In the end, all of the recent poor economic data out of the UK proved not to be enough for BOE outgoing governor Mark Carney to cut rates in his final meeting. That said, a rate cut is just a matter of when not if.
As largely expected, BOE policymakers voted 7-2 (Haskel and Saunders voting to cut) to keep the benchmark at 0.75%, an unchanged split which made a mockery of investor expectations the decision was on a knife-edge. Still, BOE officials dropped reference to "limited and gradual" tightening, a long-standing piece of BoE guidance that dated back to a time when a more rapid pace of interest rate increases might have looked likely, and signaling the tightening era is over and easing is coming, with the bank’s new forecasts showing inflation only returning to target by the end of 2021 with a quarter-point reduction in the coming year.
Markets had seen a 50% chance of a cut but the Monetary Policy Committee split once again 7-2 in favor of keeping Bank Rate at 0.75% with external members Michael Saunders and Jonathan Haskel again voting to lower rates. The expectation was for at least one more policymaker to vote for a cut.
That said, the BOE kept the door open for a move after Governor Mark Carney hands over to his successor, Andrew Bailey, in March.
“Policy may need to reinforce the expected recovery in UK GDP growth should the more positive signals from recent indicators of global and domestic activity not be sustained or should indicators of domestic prices remain relatively weak,” the BoE said in its quarterly Monetary Policy Report. But if growth picked up as suggested by upbeat business surveys since Prime Minister Boris Johnson’s unexpectedly emphatic Dec. 12 election win, “some modest tightening” of policy might be needed further ahead, the BoE said.
Here are the highlights from the decision, as recapped by Ransquawk:
- The BOE said "some modest" tightening of monetary policy may be needed further out if econ recovers as forecast
- If the economy develops as it expects, upward pressure on prices should build gradually over the next few years, and in that case, BOE thinks a modest increase in interest rates may be needed to keep inflation at our 2% target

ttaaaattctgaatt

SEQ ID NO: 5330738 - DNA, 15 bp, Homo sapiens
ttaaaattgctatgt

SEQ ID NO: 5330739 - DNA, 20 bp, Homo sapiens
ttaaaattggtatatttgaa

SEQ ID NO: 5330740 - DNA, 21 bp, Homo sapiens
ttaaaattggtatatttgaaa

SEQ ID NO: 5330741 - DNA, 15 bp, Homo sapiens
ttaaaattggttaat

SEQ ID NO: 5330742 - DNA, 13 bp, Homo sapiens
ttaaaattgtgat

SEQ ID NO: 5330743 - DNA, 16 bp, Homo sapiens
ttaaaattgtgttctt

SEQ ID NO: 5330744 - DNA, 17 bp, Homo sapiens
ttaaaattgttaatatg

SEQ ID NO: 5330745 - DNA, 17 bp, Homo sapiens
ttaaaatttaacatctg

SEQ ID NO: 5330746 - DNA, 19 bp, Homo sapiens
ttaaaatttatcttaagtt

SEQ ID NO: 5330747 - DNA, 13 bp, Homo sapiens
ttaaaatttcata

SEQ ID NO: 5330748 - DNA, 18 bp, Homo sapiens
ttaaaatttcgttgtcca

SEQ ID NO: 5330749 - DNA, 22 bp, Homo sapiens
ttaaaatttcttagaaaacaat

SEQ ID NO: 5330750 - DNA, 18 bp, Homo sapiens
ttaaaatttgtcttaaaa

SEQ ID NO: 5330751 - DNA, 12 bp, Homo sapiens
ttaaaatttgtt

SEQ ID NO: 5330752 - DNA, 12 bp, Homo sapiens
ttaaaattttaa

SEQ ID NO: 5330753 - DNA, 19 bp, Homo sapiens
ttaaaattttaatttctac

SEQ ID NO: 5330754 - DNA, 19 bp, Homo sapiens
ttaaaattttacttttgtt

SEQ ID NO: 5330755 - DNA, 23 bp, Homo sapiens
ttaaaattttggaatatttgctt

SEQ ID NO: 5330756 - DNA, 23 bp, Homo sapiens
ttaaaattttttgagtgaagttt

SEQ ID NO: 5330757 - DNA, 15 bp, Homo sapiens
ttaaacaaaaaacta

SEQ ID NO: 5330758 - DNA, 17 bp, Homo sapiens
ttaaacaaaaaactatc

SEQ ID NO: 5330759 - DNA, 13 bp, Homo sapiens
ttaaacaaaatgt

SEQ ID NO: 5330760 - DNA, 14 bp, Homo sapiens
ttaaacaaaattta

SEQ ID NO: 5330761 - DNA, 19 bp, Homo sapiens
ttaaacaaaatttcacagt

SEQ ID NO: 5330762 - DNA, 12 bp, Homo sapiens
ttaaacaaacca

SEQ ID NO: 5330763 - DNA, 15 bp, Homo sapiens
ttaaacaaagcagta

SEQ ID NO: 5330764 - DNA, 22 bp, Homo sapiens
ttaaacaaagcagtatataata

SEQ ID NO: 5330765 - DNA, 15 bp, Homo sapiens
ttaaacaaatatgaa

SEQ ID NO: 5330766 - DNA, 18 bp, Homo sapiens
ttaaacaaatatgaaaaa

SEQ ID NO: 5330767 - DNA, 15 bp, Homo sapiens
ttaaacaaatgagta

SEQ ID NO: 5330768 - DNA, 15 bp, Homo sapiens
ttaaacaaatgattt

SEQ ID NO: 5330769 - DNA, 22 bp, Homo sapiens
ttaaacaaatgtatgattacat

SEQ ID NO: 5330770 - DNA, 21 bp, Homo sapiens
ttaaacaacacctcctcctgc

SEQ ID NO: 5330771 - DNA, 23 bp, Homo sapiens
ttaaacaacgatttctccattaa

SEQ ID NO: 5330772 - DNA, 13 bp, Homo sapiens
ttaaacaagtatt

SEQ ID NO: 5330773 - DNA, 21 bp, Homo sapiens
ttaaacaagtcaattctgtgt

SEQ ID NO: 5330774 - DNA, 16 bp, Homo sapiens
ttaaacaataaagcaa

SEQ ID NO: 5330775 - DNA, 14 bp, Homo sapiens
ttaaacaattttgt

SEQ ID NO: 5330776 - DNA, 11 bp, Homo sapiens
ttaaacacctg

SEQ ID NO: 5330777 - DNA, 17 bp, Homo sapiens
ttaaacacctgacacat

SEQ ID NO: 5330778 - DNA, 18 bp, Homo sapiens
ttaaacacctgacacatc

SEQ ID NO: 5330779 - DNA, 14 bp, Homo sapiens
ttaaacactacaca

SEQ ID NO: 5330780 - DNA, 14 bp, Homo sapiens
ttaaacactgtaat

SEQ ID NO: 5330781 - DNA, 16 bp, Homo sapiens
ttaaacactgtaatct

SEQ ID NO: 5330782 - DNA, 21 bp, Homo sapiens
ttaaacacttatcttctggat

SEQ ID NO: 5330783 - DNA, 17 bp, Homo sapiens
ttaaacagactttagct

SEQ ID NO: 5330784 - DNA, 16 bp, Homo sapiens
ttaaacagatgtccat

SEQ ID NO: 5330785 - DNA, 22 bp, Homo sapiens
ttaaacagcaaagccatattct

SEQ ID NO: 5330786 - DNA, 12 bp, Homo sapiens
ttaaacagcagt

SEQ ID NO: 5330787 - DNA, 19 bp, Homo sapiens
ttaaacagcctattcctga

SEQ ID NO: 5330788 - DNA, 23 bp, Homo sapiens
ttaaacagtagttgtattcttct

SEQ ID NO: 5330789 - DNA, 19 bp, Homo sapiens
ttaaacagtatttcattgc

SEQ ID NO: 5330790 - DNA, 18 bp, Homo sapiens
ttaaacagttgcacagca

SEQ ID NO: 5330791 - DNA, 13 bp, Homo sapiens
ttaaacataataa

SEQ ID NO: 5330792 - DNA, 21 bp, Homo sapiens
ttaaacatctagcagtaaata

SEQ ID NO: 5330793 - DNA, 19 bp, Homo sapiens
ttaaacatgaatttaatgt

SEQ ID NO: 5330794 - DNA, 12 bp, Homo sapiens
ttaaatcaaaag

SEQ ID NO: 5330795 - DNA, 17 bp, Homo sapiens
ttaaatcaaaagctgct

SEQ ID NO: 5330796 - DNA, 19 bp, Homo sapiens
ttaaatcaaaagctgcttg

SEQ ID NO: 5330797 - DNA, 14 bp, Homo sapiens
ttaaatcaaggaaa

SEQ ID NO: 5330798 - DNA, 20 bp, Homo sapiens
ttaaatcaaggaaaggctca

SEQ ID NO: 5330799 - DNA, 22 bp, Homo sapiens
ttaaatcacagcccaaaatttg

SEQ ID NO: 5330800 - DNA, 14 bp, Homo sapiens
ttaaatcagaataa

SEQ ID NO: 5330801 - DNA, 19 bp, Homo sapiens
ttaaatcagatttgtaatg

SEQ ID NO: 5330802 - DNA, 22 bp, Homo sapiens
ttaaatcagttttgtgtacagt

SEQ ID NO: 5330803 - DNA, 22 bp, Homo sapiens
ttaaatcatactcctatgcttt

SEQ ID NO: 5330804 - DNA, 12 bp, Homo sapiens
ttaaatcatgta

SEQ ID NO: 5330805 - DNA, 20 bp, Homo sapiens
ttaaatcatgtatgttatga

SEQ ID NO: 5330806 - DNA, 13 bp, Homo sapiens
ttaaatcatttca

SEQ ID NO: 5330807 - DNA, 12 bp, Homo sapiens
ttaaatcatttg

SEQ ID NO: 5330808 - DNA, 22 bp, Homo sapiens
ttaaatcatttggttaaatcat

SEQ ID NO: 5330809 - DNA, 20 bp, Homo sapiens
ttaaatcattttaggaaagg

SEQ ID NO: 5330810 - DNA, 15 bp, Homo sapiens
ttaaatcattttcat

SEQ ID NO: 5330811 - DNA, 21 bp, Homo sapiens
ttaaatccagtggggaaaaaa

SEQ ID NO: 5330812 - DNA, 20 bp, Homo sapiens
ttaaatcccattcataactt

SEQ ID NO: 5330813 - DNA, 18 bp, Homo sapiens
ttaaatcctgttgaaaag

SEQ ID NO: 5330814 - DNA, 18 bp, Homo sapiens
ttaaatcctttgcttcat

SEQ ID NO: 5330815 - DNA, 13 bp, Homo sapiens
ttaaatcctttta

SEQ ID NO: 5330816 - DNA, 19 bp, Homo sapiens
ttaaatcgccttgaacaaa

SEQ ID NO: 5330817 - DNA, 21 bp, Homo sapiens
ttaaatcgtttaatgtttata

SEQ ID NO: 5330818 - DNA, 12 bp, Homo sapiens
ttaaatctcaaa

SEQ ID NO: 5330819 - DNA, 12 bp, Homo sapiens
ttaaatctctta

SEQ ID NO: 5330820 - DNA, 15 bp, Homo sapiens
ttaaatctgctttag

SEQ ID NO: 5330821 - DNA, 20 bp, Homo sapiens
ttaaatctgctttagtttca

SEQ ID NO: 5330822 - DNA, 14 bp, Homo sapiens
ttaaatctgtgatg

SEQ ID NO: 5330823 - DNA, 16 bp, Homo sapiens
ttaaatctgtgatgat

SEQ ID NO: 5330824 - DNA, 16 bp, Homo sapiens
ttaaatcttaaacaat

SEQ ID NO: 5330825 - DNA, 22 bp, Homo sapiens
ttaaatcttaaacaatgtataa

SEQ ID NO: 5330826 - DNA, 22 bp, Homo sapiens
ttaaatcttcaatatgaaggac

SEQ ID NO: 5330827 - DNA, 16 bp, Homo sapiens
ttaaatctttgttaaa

- Policy may need to reinforce expected growth recovery, if recent signs of stronger global and domestic activity are not sustained
- The BOE said UK potential growth has weakened due to reduced investment, Brexit
- Too early to judge impact of Coronavirus
- BOE assumes an immediate but orderly move, at the beginning of next year, to a deep free trade agreement between the UK and the EU
- Risks to GDP are ‘broadly balanced’, sees support from government budget
- Domestic inflation lower than strong unit labour cost growth would suggest, BOE to research further
To be sure, the dovish tone prevailed with the BOE’s new GDP forecasts – 0.8% for 2020 and 1.4% for 2021 – well below November’s 1.2% and 1.8%. Those are also below consensus: Economists in Bloomberg’s January survey forecast 1.1% growth in 2020, and a pickup to 1.5% in 2021.
In summary, "limited and gradual" is gone - that was a line the BOE used to describe the likely path for rate hikes, and as Bloomberg notes, it marks the "end of an era." Andrew Bailey, who takes over from Carney in March, will have to get working on his own catchy phrase.
The pound jumped 0.5% higher at $1.3084 at 12:01 p.m. London time. Investors are now pricing a rate cut by August.
In the end perhaps the most controversial aspect of today's unchanged decision is that it once again appears to have leaked just moments before the 7am announcement, with GBPUSD spiking a minute before the official release.